The Ang family and the Wartime Refugees Removal Act

The Australian colonies became a Commonwealth in 1901 with a key unifying factor being a determination to keep Chinese hordes out of a largely empty Australia, but the Second World War ensured there were challenges ahead.

Antonio (Tony) Ang was born in New York in 1914-15 or in/near Hong Kong depending on which records are consulted in the National Archives files on him. As a young seaman, he arrived in Western Australia, a quartermaster on the Nellore, in March 1942, three months after the Japanese attacked Pearl Harbour and the Pacific war began. Whether he missed the boat or deserted, the result was that he was in Australia, like approximately 2 000 other Chinese, for the duration of the war. He joined the Australian Army briefly, was honourably discharged and joined the Civil Construction Corps at Bulimba, Brisbane where a Chinese camp was based. Soon Marjorie Pettit of Bulimba and Tony Ang met, married in 1944 and by 1949 had three Australia-born children.

At war’s end Tony Ang, and other Chinese war refugees, were targeted by Australian Immigration Minister, Calwell.  Most returned to China uncomplainingly, but some had formed families and a new way of life. In 1949, under Calwell, the Wartime Refugees Removal Act gave the Immigration Minister wide discrimination in deporting refugees. Tony Ang required 3 month permits to remain until he was eventually threatened with deportation. His former supervisor at the Bulimba Chinese, Mr Sanderson reported in January 1946 to the immigration authorities that Tony Ang was ‘sober, reliable and energetic’ in his work as foreman supervising more than 200 men constructing riveted steel barges for the US Army. He wanted him to remain in Australia where he was currently working as a welder for him at Chermside. National Archives of Australia files show an unrelenting pursuit of Tony Ang.

Courier Mail 20 August 1949 p1
This photo, taken before they left Brisbane, was used in items about the Angs.

The family left Brisbane on the Changte 30 June 1949 for Kowloon, Hong Kong without a future home or job. Mrs Ang described what life was like living mainly on Chinese food, boiled fish and rice, with the boys given Australian powdered milk.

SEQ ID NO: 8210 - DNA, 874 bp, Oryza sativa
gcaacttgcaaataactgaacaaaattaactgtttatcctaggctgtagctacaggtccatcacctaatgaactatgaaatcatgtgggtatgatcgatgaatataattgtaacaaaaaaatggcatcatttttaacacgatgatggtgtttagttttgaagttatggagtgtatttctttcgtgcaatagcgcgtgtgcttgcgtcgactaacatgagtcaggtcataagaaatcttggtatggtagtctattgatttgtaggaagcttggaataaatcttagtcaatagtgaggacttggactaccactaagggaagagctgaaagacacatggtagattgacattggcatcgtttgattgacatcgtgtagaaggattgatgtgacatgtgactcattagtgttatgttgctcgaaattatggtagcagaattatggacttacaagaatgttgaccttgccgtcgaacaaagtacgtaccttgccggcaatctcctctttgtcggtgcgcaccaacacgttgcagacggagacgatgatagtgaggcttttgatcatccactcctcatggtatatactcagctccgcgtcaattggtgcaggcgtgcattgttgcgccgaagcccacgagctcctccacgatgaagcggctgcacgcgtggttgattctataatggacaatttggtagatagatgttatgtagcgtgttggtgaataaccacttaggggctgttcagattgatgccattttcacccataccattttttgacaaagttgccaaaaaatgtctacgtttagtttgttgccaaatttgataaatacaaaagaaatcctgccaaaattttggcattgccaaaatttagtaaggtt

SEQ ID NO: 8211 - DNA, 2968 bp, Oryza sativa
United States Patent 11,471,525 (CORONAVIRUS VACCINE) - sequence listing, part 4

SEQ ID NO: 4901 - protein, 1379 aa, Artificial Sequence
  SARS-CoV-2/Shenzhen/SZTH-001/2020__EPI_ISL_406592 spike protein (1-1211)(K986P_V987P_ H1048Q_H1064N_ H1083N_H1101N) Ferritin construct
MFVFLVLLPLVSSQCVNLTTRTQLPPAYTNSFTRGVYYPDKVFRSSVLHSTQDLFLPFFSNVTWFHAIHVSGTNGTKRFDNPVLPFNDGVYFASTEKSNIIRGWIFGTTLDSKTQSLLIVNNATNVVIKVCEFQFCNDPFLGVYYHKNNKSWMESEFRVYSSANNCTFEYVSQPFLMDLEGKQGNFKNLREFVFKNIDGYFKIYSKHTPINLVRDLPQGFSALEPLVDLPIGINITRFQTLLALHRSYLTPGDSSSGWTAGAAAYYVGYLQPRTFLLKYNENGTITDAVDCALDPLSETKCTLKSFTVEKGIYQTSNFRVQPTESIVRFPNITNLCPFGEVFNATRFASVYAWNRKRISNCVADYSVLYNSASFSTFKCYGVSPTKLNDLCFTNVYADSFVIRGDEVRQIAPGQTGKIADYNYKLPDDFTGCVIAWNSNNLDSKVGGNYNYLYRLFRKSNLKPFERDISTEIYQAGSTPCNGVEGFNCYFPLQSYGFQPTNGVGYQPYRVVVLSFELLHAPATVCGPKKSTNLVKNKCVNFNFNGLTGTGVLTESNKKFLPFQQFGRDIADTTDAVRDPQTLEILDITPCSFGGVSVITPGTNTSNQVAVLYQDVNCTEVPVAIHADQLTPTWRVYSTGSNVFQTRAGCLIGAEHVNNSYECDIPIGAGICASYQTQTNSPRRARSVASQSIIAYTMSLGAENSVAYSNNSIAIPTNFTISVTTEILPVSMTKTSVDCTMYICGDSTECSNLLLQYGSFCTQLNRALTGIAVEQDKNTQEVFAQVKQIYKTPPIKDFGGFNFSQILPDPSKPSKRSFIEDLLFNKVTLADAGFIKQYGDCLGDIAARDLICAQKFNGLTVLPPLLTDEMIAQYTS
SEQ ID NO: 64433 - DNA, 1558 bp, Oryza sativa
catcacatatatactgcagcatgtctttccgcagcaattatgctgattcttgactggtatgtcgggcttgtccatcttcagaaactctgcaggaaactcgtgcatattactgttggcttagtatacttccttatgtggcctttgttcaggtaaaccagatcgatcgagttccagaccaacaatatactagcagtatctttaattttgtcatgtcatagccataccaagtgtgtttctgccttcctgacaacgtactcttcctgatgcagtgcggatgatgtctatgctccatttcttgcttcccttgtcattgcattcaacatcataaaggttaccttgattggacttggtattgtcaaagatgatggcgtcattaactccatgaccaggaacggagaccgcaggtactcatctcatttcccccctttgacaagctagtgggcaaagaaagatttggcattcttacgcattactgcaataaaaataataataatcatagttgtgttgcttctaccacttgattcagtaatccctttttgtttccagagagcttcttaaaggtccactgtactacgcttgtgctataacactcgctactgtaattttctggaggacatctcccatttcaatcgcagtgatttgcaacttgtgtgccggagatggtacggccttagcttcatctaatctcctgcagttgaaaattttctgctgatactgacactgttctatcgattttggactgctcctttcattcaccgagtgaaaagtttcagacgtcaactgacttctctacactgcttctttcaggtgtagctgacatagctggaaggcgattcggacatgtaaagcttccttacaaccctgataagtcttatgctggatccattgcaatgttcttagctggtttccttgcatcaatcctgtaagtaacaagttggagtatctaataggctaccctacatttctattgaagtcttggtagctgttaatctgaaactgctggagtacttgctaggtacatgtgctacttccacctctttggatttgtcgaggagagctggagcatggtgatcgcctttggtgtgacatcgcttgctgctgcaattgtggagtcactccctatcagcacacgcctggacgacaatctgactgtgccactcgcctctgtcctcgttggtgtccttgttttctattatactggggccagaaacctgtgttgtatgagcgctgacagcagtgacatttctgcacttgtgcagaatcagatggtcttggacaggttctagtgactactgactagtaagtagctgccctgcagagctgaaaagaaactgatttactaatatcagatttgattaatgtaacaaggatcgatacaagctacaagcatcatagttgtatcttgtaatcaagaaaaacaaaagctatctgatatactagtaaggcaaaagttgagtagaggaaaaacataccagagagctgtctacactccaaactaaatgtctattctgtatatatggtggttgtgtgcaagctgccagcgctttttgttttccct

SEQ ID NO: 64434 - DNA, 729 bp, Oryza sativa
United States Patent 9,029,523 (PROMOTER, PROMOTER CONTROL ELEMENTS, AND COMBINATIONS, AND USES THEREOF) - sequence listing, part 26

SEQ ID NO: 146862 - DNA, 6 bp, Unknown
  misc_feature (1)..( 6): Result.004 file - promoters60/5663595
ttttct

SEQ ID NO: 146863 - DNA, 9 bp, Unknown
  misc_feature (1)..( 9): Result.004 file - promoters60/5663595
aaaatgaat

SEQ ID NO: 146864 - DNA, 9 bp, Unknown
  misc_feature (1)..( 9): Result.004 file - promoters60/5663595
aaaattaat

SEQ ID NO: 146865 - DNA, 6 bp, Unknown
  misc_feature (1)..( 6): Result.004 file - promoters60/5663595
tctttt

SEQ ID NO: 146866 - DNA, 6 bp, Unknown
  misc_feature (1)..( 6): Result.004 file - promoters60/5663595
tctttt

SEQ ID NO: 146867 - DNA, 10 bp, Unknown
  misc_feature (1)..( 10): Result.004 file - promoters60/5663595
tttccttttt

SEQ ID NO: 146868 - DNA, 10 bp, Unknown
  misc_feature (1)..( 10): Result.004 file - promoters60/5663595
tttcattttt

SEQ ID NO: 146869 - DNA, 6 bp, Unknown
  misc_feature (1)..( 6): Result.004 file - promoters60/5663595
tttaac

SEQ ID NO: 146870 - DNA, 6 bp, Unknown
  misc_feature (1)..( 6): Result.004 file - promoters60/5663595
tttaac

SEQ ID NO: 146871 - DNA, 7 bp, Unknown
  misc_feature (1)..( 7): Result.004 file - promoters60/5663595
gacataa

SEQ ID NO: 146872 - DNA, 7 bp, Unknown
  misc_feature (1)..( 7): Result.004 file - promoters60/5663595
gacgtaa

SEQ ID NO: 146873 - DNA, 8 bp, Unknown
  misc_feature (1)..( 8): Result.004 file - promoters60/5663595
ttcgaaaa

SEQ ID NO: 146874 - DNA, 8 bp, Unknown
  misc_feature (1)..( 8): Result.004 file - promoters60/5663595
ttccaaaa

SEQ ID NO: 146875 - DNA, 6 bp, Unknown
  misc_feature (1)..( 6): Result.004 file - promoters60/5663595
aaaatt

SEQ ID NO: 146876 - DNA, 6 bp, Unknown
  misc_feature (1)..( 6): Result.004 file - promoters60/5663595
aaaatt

China Mail 11 August 1949, courtesy National Archives of Australia

She said: 'Ever since we moved into this hut the three boys have been constantly ill with coughs, boils on their bodies, and heat rashes.' Sunday Mail 14 August 1949 p1 She mentioned ‘the stench from a drain just outside the window which permeated the hut’.  Later she said, ‘The place was infested with mosquitos, spiders and ants, and I was terribly worried about my children's health.’ Her most excoriating comments were for the government as she asked for money to return to Brisbane with her children: ‘But I also tell them I will never forgive them for ruining the dearest and most precious thing in my and Tony's life— our family. I will never forgive them for every hour that our sons lived in filth and squalor, every tear that we've shed. Yes, you men of Canberra, you have broken my family.’ Daily Telegraph 11 August 1949 p1. The newspapers widely quoted her “poignant letter.”

Responses were quick. The China Mail appealed for donations to assist Mrs Ang. The Hong Kong
followed and expressed concern that a family was to be split. In Australia, the Courier Mail co-ordinated a fund for Mrs Ang’s return. Mr J.W. Fletcher contributed £100, calling on the government “to right a grievous wrong.” The Rev. T. Rees Thomas of the Council of Churches stated that the current immigration policy ‘was contrary to the policy of the Christian Church.’ Courier Mail 15 August 1949 p3. The government’s immigration policy was attacked. Money came speedily. Mrs Ang and her children were home that month.

Mrs Ang however, returned to Hong Kong in November as her husband had found a job but she said she would be campaigning for their return as a family to Australia.

The anger at splitting families where there was an Asian partner gained momentum. Mrs Annie O’Keefe, an Indonesian with eight children, believed that she was protected by her second husband, John O’Keefe. He had promised her first husband to look after her if he died which he did during the war. In March 1949, in a milestone in the collapse of the ‘White Australia Policy,’ Australia’s High Court ruled that the immigration department did not have the power to deport Annie O’Keefe because she had not been declared a prohibited immigrant when she arrived in Australia.

In Woodstock, Townsville residents were ‘angered by Calwell's fascist-like decree’ that Chinese farmer, Frank Jang, in Australia since 1931, must leave Australia with or without his family.  Tribune 17 August 1949 p6.

Calwell’s treatment of Philippines-born US Army sergeant Gamboa married to an Australian woman led to further domestic and international protests.

The conservative Abercorn branch of the Australian Country Party carried a motion protesting to the Prime Minister (Mr. Chifley) against the 'alarming and dangerous anti-Australian feeling that is being fostered and developed by the odious and obnoxious manner in which the Immigration Minister is carrying out the Government's policy, particularly in regard to Mrs. O'Keefe, Sergeant Gamboa, the Ang family, and Mrs. Tong and family.' Courier Mail 21 September 1949 p6.

A change of government 10 December 1949 was the trigger to relax, but not abolish, discriminatory treatment.

The Angs returned to Australia in September 1950. Tony Ang eventually became a naturalised citizen.

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